Some six and forty years ago, in dear old Texas state,
There came into this world of woe, a man who played with fate.
Years rolled his youth to manhood in a healthy, secular way.
He traveled from his boyhood haunts, and his scenes of yesterday,
To the burning plains of Mexico, to its mountains soaring high
Where the sagebrush dots the landscape, beyond the range of the human eye.
All attracted this Bob Faulkner and he became a factor there.
Not far from Dayton, New Mexico, but far from cities of care.
As a cattleman, he then began, he accepted fate’s way as a boon.
‘Til later on in Dayton town, he thought he would run a saloon.
And well he did in the business, for three years, maybe more.
Now the fatal day was not far off, for here’s what fate had in store.
He was so well liked in Dayton, that they made him a sheriff then.
And he lived to a law and a duty, cause they chose him the man of men.
Now comes the part of the part of duty, but Faulkner wasn’t to blame.
For he shot another in protecting little Lamire Wilson, by name.
His father, crazed over something, was bent on killing the lad.
But Faulkner, doing his duty, protected the boy from his dad.
Now comes the part of the shooting, accidentally, I know you’ll agree.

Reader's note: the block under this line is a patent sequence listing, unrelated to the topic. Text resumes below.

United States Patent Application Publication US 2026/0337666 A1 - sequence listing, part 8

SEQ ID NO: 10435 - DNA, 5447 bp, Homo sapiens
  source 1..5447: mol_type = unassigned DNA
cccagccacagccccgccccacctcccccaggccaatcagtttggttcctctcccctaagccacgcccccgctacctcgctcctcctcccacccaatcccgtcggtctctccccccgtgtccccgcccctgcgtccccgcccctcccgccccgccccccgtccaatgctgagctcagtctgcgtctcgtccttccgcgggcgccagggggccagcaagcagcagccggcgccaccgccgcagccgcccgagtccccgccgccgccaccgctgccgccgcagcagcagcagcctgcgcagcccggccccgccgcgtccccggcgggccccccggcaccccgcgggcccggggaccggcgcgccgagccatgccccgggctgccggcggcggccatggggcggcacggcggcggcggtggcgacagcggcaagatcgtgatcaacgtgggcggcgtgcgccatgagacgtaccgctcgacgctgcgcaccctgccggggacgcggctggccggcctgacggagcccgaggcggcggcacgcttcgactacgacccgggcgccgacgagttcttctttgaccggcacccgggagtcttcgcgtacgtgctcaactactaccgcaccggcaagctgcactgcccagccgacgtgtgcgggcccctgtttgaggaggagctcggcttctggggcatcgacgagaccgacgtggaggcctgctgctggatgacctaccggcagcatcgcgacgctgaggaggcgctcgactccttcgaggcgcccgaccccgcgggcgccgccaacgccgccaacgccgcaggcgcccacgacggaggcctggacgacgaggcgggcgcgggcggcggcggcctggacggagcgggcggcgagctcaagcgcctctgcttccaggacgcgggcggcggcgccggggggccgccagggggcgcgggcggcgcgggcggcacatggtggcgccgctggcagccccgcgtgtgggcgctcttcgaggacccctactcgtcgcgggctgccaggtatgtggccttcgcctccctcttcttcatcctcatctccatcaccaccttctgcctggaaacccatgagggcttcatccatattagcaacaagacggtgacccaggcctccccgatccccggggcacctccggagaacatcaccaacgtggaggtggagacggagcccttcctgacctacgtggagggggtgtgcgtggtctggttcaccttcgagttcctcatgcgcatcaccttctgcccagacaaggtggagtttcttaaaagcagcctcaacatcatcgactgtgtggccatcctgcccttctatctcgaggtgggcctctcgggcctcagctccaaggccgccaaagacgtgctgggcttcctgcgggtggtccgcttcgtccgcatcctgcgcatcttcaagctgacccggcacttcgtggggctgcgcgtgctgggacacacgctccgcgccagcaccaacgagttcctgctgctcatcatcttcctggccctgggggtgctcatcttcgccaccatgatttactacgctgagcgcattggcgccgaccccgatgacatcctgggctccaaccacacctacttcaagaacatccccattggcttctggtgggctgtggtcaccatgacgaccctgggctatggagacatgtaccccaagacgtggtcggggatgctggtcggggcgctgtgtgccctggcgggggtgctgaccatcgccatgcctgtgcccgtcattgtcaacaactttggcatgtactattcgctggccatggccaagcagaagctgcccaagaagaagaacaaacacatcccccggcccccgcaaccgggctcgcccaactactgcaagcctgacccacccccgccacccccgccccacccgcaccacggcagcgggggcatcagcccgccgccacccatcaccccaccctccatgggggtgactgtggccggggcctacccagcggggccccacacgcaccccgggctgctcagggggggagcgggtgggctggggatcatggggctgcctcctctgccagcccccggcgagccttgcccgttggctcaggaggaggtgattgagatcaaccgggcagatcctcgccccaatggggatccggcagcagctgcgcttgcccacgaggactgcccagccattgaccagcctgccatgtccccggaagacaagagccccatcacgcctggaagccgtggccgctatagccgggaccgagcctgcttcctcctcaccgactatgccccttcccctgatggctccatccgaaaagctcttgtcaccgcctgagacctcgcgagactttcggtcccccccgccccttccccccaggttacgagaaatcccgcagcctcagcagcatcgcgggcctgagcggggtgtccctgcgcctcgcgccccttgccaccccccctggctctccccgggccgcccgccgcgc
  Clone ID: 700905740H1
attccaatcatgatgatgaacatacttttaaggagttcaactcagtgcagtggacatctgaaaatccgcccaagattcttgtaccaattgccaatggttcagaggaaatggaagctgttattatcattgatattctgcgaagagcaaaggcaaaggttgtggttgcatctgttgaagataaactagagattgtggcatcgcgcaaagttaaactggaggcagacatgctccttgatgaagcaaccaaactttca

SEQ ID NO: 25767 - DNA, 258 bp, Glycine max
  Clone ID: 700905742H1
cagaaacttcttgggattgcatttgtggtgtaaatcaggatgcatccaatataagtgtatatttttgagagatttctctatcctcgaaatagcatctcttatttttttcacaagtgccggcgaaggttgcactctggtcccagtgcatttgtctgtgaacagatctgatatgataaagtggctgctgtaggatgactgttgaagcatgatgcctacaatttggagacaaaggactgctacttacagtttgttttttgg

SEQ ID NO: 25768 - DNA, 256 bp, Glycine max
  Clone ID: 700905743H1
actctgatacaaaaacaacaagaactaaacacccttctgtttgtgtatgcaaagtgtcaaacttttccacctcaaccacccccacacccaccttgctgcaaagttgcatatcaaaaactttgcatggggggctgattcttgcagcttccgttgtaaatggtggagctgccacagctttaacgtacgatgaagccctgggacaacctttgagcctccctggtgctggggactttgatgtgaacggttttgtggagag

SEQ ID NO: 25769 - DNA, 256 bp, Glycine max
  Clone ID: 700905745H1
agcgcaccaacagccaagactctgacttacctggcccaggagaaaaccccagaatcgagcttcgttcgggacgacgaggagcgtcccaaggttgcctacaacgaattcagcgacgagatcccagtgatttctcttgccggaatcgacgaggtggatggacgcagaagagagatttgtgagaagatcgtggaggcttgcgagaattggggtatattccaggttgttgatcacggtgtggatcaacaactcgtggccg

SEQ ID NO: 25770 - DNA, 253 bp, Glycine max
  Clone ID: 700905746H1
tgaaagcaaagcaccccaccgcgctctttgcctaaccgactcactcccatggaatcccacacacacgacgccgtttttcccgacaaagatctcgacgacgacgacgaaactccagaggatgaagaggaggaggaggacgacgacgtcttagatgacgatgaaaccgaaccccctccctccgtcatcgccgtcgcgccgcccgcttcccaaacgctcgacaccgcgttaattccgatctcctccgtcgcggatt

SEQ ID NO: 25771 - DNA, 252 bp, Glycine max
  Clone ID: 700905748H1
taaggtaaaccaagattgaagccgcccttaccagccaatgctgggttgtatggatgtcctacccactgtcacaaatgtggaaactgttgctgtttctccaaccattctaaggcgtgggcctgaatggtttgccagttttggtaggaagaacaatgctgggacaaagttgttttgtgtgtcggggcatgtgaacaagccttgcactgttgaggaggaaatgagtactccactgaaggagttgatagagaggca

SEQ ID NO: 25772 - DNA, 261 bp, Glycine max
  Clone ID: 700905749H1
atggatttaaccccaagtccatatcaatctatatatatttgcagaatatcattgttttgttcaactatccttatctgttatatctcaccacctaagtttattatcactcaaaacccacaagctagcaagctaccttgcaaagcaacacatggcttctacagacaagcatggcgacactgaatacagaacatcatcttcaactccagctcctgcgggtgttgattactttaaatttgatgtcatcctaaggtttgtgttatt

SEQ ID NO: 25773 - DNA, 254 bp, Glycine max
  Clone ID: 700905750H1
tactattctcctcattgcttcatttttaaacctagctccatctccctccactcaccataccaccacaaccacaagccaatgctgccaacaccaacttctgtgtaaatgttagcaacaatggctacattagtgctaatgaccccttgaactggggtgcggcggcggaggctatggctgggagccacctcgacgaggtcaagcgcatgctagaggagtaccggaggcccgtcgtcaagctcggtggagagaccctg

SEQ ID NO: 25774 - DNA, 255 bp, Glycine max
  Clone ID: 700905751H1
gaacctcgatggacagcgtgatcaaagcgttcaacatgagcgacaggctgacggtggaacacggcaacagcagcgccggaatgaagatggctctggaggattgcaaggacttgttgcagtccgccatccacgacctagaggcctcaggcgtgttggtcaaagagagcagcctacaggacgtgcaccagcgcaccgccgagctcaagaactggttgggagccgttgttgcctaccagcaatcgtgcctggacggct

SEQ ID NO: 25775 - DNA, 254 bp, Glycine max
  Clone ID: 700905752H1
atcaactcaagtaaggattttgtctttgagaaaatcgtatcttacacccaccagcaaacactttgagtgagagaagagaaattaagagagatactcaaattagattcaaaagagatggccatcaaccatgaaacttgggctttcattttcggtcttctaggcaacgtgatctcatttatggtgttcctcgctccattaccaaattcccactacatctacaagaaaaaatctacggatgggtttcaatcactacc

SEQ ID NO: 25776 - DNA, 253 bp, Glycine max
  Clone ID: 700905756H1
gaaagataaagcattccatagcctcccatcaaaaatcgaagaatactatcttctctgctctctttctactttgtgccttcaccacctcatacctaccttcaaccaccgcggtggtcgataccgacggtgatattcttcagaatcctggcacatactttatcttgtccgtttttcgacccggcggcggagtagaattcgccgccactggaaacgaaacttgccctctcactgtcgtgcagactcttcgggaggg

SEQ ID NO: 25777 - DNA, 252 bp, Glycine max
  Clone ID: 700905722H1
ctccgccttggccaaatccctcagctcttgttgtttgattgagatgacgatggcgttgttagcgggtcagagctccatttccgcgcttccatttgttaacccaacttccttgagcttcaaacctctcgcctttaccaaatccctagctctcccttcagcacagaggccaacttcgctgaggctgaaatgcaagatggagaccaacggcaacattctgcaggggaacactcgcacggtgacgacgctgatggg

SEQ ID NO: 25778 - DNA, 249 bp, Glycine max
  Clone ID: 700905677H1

For protecting himself, he shot at and missed, the sinner that fate chose to free.
But now as the bullet went astray, it struck Bob’s best old friend.
It laid him out in a ghostly heap, and that was Bill Smith’s end.
They tried Bob up for murder, but they had to let him go.
‘Twas then he took to drinking, and he soon left Mexico.
He came to California, where he tried to quit and true,
But the booze had made him weaken, and he started in anew.
And also started in gambling, but fate dealt one more hand.
And the way Bob played the cards of life, was the way men understand.
He turned himself, a blacksmith, and quit the booze once more.
And today God sees progressions in each day he has in store.
Bob Faulkner lives for others. These words are ringing true.
For his family now is happy, since he started life anew.
James L. Currie abt 1920